RB Leipzig’s USA international Tyler Adams has spoken of the “clear pathway into first-team football” that the Bundesliga offers, making it particularly attractive for young American players looking to make the breakthrough in Europe.
Adams, 21, is one of the increasing number of Americans now calling the Bundesliga home, joining the likes of Gio Reyna (Borussia Dortmund), Josh Sargent (Werder Bremen) and Chris Richards (Bayern Munich) around the league’s top clubs.
All have followed in the successful footsteps of predecessors Christian Pulisic and Weston McKennie at Dortmund and Schalke respectively, laying the foundations for yet more talent to cross the Atlantic to Germany.
“I think the continued success of young Americans coming to the league and getting opportunities to play is going to attract more young players,” the 12-time USMNT international told journalists in a virtual interview.
Watch: A USA groupchat with Adams, Sargent and Reyna
“Playing in Europe is one thing, but playing and being able to have an opportunity to play in the first team is something more important,” added Adams, who referenced his own career journey from New York Red Bulls to Leipzig in 2019 and playing the full 90 minutes on debut in a 4-0 win away at Fortuna Düsseldorf. It was five months until he lost a game as an RBL player.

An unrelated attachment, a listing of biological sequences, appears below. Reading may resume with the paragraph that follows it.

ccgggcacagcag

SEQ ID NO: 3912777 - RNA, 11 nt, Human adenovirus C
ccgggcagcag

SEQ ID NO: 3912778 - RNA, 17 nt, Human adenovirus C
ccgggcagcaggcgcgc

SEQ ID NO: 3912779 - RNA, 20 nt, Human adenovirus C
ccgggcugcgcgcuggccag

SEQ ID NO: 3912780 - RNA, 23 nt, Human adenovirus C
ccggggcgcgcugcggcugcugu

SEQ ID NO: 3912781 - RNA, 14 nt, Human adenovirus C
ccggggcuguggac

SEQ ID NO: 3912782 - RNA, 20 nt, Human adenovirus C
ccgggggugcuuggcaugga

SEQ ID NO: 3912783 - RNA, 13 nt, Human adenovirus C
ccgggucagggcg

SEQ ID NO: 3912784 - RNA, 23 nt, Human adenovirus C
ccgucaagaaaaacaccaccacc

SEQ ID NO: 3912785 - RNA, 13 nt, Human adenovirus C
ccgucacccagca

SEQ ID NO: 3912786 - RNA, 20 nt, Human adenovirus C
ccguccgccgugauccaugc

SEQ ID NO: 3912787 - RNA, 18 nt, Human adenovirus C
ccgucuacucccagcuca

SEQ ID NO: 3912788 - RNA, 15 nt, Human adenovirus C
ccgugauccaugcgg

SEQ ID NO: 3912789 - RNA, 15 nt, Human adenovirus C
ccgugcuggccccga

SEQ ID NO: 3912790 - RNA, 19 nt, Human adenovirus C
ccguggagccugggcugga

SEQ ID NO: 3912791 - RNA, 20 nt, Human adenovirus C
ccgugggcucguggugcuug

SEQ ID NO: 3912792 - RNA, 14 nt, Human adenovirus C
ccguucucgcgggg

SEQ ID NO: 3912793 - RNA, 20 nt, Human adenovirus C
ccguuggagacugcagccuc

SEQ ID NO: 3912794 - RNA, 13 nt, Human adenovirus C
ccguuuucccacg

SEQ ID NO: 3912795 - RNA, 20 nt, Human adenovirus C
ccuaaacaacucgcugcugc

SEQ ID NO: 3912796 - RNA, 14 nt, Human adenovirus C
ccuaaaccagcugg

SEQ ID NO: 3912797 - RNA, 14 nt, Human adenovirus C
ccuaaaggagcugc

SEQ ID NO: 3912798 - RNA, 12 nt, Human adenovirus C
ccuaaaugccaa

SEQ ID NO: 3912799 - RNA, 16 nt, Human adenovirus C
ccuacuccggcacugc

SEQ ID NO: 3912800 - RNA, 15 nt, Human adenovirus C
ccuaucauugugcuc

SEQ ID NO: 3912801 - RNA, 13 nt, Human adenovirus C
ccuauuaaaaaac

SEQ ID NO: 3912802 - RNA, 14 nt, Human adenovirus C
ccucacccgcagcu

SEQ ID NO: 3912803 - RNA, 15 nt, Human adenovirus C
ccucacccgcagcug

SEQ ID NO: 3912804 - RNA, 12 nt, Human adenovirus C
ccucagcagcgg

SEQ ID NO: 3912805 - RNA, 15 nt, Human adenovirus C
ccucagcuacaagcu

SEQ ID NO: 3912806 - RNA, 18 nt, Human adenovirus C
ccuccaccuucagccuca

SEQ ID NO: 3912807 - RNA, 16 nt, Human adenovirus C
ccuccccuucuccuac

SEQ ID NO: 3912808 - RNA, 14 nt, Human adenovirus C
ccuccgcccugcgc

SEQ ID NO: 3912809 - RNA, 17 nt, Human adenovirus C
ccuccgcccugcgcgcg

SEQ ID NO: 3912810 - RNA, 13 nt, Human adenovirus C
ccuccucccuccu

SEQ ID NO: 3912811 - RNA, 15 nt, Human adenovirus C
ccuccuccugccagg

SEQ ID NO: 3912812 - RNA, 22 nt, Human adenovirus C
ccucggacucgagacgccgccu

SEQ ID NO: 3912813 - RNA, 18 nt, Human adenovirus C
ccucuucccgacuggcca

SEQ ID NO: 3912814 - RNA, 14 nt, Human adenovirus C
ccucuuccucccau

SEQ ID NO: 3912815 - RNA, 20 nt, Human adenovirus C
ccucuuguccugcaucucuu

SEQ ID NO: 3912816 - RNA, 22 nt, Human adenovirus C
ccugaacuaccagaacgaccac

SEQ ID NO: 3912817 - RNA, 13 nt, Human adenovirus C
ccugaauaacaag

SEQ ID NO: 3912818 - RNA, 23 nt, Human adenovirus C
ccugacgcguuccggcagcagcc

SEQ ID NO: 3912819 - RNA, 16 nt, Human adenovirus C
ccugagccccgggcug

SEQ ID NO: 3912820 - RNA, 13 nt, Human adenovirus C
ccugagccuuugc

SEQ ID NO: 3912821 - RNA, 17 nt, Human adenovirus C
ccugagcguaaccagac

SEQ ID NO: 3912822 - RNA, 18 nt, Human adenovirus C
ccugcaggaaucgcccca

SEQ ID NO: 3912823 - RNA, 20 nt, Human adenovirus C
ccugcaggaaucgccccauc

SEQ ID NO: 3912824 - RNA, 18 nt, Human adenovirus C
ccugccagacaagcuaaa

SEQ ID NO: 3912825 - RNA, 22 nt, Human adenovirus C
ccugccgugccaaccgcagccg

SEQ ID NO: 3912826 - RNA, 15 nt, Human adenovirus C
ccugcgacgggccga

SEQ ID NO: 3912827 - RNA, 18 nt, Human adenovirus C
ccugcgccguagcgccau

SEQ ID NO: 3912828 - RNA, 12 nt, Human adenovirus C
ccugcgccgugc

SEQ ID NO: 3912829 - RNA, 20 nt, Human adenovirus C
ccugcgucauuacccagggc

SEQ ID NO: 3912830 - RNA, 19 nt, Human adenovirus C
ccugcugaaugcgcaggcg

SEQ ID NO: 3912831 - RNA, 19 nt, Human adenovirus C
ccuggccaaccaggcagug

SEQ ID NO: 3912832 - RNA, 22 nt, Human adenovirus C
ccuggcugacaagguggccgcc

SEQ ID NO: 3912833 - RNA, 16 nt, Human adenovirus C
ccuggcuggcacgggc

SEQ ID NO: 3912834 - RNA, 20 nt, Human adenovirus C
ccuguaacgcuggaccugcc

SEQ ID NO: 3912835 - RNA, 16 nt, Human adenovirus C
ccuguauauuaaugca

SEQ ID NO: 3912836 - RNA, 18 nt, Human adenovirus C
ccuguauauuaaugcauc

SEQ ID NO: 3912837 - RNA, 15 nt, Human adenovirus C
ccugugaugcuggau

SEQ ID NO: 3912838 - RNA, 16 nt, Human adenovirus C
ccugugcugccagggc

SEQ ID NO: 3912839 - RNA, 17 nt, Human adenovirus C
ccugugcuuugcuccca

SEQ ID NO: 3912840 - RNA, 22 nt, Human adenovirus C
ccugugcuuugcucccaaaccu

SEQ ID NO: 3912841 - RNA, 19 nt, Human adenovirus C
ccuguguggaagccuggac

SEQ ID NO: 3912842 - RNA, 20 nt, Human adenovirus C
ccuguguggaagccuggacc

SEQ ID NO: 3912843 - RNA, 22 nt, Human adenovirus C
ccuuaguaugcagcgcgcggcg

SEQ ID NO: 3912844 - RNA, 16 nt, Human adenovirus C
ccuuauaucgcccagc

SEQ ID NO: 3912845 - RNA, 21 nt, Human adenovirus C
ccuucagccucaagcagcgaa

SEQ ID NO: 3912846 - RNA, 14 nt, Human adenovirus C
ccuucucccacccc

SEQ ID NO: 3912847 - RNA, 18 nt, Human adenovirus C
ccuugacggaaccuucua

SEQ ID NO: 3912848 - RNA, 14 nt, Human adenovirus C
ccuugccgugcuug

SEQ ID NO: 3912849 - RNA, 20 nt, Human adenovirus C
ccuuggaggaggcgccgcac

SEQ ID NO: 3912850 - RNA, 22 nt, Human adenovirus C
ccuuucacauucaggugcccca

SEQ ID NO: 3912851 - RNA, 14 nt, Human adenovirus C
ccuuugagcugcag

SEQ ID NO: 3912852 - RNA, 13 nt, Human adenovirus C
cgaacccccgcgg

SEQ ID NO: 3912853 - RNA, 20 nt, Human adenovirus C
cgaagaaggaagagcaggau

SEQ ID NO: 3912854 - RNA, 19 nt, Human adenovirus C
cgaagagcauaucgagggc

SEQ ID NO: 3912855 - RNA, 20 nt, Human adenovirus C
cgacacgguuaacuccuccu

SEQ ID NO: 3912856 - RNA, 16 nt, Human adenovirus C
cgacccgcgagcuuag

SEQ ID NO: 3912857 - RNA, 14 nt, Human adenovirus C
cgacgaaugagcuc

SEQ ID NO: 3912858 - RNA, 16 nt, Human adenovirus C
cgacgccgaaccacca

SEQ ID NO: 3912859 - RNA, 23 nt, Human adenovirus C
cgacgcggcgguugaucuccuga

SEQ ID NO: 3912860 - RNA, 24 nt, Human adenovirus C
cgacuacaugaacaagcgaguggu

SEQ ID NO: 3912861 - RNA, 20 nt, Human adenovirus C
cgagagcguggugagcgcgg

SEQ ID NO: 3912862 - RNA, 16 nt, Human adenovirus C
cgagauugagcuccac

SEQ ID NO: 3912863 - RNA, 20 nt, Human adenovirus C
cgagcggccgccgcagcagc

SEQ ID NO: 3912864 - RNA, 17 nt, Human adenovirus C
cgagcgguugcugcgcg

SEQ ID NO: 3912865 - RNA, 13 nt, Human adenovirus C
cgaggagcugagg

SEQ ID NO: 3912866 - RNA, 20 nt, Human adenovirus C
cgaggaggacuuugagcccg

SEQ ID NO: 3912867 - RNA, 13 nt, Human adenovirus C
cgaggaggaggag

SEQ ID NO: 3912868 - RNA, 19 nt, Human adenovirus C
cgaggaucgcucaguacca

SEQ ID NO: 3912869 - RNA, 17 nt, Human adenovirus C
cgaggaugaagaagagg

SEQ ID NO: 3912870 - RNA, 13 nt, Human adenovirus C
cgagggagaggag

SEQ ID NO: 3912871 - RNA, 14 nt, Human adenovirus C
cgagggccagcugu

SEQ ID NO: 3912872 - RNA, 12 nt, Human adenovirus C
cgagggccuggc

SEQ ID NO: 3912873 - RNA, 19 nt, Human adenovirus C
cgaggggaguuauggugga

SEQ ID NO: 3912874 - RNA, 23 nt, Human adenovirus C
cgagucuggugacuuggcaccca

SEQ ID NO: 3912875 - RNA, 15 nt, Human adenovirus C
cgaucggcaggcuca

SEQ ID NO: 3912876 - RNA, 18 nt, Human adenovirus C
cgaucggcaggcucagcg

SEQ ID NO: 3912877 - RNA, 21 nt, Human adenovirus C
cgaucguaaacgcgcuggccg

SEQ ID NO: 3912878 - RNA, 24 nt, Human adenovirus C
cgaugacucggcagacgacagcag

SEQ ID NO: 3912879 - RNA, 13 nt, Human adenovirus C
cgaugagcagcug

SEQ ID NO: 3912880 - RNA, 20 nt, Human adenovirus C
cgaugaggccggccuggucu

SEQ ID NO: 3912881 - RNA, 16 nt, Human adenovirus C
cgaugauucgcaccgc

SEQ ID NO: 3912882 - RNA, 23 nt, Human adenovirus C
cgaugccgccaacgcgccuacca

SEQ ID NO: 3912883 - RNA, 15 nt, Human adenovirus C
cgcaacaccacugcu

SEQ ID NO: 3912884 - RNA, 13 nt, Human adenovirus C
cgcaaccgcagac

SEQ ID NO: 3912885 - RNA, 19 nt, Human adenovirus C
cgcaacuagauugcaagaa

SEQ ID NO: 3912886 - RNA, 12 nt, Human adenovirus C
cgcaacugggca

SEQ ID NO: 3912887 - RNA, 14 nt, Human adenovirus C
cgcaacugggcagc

“New York was connected in a way to Leipzig, and I had a pathway for myself to come into the first team here. The coaches were keen on me, they watched me for multiple years […] and there seemed like a clear pathway into the first team.
“That’s what I wanted, the quickest way to play first-team football at a high-level club. Obviously, Leipzig was up and coming, so I was very fortunate for that in that sense.”
Even with that rapid rise, Adams still has time to study for a psychology degree - ensuring he fulfils a promise he made to his mother when signing his first professional contract - and comfortably play in four different positions, rotating between central midfield, centre-back, right-back and right wing against Arminia Bielefeld on Matchday 9 alone.
“Sometimes just being able to adapt on the fly and go with your instinct is the most important thing that’s helped me. The coaches set us up in ways where there’s so much adaptation within the game and tactical variations in the game that even when I’m playing right-back at times, I can receive the ball in midfield, I pressure out of midfield.
“It’s kind of your own individual characteristics that allow you to represent that position in a certain way.”
Leipzig’s New Yorker has another chance to show off the best America has to offer on the Bundesliga’s biggest stage at the weekend when Leipzig head to the Allianz Arena in Munich for a top-of-the-table clash with champions Bayern.